Navigating the Health Care System: Improving Health Care through Patient/Family-Centered Care

 

Harborview—well-known as a patient
care facility—also excels in teaching
and discovery.
Photo courtesy of Seattle

Municipal Archives.

Everyone has an idea about how to make health care safer, better and cheaper, but one of the best ideas is patient-centered care. Patients have always been at the center of the health care experience, but in the health care improvement world, "patient-centered care" means involving the patient as a partner in all aspects of the health care experience and understanding their individual preferences, needs, and values to improve the care we provide.

Patient/Family Centered Care at Harborview Medical Center

At Harborview, we want to provide care that is patient-centered as well as safe, effective, timely, efficient and equitable. We include family in our concept of patient-centered care because of the importance our patients place on the role their family and friends play in their health care experience. As part of our patient/family-centered care:

  • A welcoming environment promotes comfort and support, privacy and involvement of family and friends.
  • Patient and family knowledge, values, beliefs and cultural backgrounds are incorporated into the planning and delivery of care.
  • Patients and families are encouraged and supported in participating in care and decision-making as they choose.
  • Patients and families receive the information they need to effectively participate in care and decision-making.


The Patient's Part in Patient/Family-Centered Care

As a patient, how can you promote patient/family centered care?

  • Be involved: A key way to be involved in your care is asking questions and making sure that you understand the care options presented to you. This seems like a simple prescription but health discussions can be complicated, overwhelming and scary. The best providers listen as much as they talk so their patients feel comfortable enough to ask about everything on their minds.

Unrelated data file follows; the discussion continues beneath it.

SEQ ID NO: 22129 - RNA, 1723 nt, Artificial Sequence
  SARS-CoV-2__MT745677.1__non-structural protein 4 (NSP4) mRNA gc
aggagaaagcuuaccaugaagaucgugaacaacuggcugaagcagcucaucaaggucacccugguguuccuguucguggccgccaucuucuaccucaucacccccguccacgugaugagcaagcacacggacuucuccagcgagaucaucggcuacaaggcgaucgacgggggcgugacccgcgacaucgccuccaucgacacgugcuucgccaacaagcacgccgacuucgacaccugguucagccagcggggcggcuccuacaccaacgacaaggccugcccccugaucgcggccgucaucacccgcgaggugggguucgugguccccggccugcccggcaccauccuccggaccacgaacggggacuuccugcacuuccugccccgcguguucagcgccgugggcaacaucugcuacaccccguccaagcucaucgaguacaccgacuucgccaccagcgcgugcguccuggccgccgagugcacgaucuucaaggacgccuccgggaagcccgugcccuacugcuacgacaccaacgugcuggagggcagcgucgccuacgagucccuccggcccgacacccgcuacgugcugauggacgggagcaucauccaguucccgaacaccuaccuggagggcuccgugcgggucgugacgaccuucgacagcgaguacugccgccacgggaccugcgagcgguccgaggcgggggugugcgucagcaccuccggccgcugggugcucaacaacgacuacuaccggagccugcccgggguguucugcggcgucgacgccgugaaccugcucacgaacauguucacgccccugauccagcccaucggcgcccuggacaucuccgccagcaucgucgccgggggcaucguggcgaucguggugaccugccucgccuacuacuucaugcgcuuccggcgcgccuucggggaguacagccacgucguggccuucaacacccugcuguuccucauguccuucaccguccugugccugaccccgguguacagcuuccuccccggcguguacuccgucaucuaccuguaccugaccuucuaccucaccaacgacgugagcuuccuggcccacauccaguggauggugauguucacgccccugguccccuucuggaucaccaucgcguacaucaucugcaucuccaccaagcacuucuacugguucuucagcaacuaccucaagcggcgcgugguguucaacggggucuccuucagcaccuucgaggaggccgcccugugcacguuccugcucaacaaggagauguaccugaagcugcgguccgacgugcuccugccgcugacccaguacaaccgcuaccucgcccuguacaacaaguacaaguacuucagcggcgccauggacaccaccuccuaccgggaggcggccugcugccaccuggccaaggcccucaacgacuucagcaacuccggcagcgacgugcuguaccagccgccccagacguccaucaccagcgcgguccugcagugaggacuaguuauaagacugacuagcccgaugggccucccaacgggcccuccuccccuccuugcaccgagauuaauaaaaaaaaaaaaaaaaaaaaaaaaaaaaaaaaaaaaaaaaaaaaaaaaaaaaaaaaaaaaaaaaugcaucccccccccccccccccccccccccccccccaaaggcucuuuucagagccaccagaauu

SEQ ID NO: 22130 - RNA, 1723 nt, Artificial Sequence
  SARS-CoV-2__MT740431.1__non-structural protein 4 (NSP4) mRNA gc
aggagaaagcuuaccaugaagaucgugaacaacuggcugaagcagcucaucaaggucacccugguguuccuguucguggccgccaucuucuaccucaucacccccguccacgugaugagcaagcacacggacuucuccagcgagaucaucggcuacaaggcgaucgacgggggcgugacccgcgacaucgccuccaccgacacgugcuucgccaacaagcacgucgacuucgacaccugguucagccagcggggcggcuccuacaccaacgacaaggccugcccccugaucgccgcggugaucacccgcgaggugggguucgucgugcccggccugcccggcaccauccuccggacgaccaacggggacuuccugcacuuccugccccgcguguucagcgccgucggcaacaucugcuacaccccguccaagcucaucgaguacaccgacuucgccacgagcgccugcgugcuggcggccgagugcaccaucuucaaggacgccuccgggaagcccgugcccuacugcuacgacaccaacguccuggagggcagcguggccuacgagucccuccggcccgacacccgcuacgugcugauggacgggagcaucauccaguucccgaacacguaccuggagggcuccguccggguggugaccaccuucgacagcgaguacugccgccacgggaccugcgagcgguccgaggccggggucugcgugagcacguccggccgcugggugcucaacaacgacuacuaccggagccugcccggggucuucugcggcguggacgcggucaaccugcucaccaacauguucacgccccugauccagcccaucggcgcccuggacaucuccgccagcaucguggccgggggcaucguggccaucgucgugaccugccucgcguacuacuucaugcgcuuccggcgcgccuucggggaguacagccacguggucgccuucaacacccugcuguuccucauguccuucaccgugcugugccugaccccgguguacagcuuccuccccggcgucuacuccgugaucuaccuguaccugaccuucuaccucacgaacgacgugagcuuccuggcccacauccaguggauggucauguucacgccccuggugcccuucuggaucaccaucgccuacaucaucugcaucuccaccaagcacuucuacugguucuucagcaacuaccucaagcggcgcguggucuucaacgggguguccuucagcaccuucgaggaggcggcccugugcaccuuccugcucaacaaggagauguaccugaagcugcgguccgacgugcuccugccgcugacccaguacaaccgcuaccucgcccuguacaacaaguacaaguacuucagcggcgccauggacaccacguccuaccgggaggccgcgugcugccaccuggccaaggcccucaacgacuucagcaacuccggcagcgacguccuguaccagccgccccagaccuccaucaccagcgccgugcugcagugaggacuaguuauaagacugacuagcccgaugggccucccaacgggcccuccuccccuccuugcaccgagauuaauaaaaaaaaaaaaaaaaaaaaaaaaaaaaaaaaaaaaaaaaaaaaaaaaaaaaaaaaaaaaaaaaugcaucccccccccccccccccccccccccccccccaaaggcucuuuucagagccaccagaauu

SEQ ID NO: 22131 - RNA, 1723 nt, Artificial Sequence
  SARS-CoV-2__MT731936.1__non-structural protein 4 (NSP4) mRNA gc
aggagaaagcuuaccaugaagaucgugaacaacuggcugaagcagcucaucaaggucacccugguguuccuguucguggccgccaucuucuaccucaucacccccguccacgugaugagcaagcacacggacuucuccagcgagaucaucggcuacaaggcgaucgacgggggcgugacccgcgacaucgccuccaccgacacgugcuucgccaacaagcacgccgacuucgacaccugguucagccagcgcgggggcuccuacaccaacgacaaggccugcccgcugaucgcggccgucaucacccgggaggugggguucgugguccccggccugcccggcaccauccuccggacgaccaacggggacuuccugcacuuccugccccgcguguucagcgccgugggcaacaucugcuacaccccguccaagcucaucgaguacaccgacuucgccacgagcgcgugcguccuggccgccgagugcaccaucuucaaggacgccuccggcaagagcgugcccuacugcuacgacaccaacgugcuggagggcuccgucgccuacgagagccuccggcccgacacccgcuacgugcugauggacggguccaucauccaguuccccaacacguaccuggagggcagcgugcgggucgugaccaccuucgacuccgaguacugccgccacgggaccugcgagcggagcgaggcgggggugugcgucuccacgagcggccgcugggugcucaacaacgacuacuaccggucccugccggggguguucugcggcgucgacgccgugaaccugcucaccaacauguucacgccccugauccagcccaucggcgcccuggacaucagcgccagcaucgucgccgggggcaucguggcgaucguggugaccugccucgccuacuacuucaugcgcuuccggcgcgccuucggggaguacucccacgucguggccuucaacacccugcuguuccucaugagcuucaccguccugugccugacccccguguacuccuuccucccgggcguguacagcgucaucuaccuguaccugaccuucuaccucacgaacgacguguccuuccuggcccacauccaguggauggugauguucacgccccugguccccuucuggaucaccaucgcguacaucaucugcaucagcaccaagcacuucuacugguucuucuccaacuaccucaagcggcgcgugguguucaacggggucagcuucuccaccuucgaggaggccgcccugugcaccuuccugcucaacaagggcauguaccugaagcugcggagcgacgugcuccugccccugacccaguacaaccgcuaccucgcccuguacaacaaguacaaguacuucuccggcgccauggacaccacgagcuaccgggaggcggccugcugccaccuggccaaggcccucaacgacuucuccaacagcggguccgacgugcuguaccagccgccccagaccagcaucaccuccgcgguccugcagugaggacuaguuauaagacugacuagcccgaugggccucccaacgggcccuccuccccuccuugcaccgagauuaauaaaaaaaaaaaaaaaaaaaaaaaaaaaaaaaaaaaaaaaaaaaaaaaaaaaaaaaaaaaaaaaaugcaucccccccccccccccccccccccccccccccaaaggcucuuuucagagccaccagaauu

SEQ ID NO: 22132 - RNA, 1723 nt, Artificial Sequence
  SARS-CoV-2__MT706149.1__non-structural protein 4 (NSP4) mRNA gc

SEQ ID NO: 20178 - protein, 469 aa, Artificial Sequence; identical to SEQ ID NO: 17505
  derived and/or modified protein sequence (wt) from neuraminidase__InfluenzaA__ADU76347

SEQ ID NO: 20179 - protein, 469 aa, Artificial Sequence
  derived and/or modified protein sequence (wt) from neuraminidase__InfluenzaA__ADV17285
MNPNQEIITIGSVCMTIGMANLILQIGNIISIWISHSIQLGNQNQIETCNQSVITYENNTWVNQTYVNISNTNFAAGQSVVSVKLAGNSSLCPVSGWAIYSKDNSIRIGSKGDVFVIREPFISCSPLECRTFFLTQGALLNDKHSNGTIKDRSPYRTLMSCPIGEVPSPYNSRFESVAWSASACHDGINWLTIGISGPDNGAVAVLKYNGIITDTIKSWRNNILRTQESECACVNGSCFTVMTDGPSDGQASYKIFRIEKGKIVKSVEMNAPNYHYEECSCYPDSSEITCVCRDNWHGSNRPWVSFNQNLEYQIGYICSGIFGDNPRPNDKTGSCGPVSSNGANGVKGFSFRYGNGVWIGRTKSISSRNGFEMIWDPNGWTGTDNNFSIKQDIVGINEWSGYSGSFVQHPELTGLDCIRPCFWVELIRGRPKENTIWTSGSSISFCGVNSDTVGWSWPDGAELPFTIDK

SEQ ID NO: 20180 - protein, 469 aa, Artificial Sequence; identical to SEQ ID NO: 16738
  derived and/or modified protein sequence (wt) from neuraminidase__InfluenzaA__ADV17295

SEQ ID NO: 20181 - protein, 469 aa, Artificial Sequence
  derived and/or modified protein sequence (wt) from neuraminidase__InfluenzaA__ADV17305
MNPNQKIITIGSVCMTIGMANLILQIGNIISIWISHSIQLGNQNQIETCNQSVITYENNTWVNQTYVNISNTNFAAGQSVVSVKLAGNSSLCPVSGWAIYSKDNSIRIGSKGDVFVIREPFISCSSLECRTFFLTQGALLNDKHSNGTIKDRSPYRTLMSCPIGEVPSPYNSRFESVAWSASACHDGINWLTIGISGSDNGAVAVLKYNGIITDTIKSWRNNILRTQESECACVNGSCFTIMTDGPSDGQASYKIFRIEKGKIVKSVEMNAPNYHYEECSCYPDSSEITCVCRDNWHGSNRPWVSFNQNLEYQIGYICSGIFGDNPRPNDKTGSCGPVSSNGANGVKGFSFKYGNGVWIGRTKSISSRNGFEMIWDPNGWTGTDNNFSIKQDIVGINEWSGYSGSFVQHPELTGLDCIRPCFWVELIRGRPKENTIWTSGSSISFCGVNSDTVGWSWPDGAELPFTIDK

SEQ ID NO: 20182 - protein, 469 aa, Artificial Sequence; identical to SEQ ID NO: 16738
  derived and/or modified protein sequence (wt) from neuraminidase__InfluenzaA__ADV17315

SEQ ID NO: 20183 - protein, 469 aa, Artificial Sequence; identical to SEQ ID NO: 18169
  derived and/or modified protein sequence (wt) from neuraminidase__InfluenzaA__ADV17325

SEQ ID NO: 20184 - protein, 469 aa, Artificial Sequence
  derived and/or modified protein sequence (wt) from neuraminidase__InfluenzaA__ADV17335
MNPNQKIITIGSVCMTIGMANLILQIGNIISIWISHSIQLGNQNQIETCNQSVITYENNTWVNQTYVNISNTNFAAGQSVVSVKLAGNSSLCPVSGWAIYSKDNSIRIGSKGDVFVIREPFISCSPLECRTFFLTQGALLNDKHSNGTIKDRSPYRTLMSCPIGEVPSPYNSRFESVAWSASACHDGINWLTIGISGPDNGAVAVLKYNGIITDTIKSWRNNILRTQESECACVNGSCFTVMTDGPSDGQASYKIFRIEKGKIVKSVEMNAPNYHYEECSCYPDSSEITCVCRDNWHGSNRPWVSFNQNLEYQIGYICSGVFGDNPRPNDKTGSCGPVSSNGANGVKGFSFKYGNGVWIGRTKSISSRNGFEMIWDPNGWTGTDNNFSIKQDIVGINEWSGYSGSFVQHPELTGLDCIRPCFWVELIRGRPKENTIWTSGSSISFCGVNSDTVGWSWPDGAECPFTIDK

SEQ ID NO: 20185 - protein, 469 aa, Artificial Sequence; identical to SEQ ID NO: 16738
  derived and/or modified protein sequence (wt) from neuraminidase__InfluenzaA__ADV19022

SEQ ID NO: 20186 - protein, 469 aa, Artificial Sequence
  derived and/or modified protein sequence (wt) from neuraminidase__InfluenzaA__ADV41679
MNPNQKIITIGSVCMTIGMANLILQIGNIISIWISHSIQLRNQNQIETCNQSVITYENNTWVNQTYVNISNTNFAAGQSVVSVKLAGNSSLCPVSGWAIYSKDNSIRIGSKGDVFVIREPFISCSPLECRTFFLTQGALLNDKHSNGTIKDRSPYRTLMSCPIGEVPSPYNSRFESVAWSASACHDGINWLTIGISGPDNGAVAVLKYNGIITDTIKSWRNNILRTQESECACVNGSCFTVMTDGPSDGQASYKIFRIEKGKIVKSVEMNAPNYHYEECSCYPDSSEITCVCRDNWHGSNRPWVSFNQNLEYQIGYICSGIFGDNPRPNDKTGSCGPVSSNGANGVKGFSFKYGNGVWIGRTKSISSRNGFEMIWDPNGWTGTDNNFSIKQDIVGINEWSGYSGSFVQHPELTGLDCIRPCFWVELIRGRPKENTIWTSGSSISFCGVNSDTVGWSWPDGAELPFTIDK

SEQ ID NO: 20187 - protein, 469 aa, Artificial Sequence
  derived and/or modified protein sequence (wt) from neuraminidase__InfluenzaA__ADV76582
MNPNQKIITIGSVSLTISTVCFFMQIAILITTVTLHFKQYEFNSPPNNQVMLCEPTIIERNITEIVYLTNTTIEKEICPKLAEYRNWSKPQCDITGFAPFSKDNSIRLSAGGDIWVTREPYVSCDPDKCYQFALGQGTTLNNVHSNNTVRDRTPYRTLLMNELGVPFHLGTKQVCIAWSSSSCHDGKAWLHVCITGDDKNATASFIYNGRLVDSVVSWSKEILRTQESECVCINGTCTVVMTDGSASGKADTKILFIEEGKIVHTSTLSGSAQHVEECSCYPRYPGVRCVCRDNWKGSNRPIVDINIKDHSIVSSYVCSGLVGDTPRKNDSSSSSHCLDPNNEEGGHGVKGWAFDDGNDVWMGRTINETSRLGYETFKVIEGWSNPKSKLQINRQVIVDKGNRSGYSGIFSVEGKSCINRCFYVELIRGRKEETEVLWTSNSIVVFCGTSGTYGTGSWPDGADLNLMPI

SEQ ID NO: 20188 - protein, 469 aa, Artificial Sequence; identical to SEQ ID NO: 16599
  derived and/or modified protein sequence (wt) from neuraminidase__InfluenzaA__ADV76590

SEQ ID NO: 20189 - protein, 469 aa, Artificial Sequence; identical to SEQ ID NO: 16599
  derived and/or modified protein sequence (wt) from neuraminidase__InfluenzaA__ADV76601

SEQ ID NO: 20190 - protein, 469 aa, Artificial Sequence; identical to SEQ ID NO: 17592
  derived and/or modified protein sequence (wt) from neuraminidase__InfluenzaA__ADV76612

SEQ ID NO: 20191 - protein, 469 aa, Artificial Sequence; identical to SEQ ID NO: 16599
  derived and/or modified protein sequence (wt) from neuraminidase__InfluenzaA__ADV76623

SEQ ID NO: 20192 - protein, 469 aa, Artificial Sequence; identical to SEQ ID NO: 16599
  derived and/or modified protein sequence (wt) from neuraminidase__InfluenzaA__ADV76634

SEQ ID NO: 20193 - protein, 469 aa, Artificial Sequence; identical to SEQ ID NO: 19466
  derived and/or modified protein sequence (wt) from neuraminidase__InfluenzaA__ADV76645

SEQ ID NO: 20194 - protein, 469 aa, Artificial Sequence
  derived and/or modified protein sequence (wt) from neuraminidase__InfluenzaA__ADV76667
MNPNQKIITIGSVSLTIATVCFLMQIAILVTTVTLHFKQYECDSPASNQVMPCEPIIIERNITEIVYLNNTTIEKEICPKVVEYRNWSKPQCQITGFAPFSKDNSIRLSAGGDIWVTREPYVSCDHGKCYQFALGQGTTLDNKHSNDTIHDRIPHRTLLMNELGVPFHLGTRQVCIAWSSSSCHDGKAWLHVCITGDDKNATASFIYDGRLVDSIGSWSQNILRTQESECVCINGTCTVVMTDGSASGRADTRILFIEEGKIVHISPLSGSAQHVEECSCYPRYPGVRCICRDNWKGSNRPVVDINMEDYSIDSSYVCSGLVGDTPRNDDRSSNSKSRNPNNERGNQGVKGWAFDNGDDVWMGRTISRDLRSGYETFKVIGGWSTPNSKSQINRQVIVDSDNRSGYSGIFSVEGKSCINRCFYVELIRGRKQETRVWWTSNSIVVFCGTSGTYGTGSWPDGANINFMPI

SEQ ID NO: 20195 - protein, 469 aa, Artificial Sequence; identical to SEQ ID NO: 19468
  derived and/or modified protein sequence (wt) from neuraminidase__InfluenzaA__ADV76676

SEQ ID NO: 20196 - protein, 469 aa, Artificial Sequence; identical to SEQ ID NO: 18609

When asking questions, be honest and remember: no question is too small or unimportant. Repeat back to the provider what they said and take notes. Another key is following your care plan. Your provider can suggest the best treatment options for you, but success depends on how well you carry out the plan.
  • Be informed: Being informed about health care is both easier and harder in the age of the internet because there is so much out there to read. Start with your provider, who can give you the most personalized information about your health.

    All patients have access to their medical records and they can be a good source of information about your care plan. You should also understand any health insurance benefits that may impact your care plan.
  • Build a broad health care team: Call on a variety of health care providers and services to help you achieve your health care goals. Pharmacists are invaluable sources of information on medications and potential side effects. Physical therapists can give you helpful strategies for healthy activity. Transportation services provide access to medical services. And don't forget recreation centers and libraries—staying physically and mentally active promotes health and helps you remember you are more than just a patient.

—Tracey Gooding, Patient Relations, Harborview Medical Center


For more information about Harborview Medical Center, visit Patient and Family Resources, call 206-744-2000, or e-mail rcenter@u.washington.edu. For help understanding your health insurance benefits, contact your insurance plan provider or the SHIBA (Statewide Health Insurance Benefits Advisors) HelpLine at 206-727-6221.